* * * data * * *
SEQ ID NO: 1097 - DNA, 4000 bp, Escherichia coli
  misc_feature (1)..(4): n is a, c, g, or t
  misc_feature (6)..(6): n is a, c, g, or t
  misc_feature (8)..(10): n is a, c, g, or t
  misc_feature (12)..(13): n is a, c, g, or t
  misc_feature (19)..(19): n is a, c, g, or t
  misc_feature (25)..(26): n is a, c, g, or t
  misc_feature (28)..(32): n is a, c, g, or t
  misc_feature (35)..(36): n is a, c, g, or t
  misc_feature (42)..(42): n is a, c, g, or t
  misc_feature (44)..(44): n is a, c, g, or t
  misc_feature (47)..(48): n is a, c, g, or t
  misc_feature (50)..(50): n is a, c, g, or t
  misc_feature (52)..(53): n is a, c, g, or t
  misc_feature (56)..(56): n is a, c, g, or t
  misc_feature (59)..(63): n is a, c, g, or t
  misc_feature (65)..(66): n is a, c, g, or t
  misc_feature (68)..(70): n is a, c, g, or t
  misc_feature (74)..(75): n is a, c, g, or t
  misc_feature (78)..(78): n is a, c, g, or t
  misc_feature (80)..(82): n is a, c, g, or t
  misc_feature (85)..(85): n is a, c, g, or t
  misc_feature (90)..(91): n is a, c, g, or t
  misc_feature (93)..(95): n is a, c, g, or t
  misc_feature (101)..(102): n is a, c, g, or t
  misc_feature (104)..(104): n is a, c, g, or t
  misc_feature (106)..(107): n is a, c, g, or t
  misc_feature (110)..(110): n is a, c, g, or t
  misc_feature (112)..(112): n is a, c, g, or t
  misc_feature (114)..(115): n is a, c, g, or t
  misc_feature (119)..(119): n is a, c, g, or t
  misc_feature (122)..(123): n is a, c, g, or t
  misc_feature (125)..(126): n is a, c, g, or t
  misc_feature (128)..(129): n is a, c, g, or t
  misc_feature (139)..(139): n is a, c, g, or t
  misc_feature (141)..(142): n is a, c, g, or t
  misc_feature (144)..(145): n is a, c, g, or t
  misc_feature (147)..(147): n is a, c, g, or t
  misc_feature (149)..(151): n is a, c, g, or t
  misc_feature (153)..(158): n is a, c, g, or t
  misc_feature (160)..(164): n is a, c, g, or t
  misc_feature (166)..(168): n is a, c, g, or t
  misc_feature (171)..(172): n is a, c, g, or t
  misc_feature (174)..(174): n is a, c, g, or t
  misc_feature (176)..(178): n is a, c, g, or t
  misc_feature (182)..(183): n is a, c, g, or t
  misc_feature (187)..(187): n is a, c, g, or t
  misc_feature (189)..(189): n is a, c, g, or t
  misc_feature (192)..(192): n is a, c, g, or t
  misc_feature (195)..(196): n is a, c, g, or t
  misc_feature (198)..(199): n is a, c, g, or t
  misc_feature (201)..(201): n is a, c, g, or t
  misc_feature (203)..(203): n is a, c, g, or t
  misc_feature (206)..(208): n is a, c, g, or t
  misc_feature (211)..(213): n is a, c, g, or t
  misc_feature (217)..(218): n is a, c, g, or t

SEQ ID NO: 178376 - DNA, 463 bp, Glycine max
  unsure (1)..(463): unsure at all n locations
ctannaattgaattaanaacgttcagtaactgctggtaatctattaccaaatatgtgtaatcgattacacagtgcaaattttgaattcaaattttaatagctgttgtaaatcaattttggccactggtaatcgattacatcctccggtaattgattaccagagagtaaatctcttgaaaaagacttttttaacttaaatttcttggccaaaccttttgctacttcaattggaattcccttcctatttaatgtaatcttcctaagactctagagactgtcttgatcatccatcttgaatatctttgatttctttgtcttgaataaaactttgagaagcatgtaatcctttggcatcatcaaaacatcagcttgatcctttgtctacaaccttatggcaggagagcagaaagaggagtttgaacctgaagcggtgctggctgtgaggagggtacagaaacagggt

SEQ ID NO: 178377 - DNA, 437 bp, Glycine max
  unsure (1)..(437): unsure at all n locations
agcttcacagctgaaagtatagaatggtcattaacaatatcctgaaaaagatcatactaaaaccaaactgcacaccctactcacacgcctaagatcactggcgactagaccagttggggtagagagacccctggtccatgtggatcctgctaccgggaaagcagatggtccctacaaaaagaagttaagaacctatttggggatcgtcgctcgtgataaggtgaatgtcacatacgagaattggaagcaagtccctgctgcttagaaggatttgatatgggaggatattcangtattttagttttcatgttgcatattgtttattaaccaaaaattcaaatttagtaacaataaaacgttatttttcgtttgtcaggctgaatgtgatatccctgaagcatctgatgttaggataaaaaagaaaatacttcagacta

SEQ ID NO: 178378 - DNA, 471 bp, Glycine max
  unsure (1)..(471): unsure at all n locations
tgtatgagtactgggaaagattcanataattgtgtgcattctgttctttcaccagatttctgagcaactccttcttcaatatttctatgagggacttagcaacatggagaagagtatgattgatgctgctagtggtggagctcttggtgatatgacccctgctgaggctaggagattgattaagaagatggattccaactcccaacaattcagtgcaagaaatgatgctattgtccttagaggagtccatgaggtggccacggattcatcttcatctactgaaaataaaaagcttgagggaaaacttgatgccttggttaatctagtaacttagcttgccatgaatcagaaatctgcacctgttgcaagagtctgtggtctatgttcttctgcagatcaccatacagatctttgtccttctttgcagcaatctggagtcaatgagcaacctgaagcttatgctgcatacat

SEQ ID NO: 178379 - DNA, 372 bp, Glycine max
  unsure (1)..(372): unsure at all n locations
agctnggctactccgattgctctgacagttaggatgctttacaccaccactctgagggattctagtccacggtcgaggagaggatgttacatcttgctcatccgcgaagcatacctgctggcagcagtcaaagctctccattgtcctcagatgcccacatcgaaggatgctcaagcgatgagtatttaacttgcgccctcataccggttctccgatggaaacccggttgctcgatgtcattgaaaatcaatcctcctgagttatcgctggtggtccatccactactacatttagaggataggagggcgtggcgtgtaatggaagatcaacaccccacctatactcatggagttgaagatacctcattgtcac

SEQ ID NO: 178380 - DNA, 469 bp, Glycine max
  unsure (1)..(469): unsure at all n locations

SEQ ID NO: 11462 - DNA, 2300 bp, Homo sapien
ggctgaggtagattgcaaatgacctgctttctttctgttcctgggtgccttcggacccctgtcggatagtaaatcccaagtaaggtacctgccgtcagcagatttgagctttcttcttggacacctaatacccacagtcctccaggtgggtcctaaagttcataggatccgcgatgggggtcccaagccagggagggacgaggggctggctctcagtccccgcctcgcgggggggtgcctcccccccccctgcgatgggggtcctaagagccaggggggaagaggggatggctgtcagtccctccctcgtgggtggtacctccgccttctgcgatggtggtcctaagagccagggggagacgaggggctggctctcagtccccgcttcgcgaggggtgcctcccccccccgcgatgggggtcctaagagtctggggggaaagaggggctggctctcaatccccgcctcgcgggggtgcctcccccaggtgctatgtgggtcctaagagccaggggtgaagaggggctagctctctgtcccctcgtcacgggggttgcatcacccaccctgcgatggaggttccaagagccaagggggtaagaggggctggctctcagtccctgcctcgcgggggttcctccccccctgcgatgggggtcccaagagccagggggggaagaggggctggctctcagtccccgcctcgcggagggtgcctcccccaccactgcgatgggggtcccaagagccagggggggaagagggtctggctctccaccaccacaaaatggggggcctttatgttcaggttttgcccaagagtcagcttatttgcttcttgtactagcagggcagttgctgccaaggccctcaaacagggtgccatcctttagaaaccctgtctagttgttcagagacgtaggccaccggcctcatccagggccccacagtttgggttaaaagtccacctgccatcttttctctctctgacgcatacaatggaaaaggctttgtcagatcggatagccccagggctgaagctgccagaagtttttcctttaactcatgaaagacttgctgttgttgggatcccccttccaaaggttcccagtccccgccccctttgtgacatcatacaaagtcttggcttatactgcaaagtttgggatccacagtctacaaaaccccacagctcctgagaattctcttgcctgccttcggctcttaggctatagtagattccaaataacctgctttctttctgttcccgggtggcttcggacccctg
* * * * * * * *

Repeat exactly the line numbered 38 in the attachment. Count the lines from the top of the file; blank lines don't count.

  misc_feature (147)..(147): n is a, c, g, or t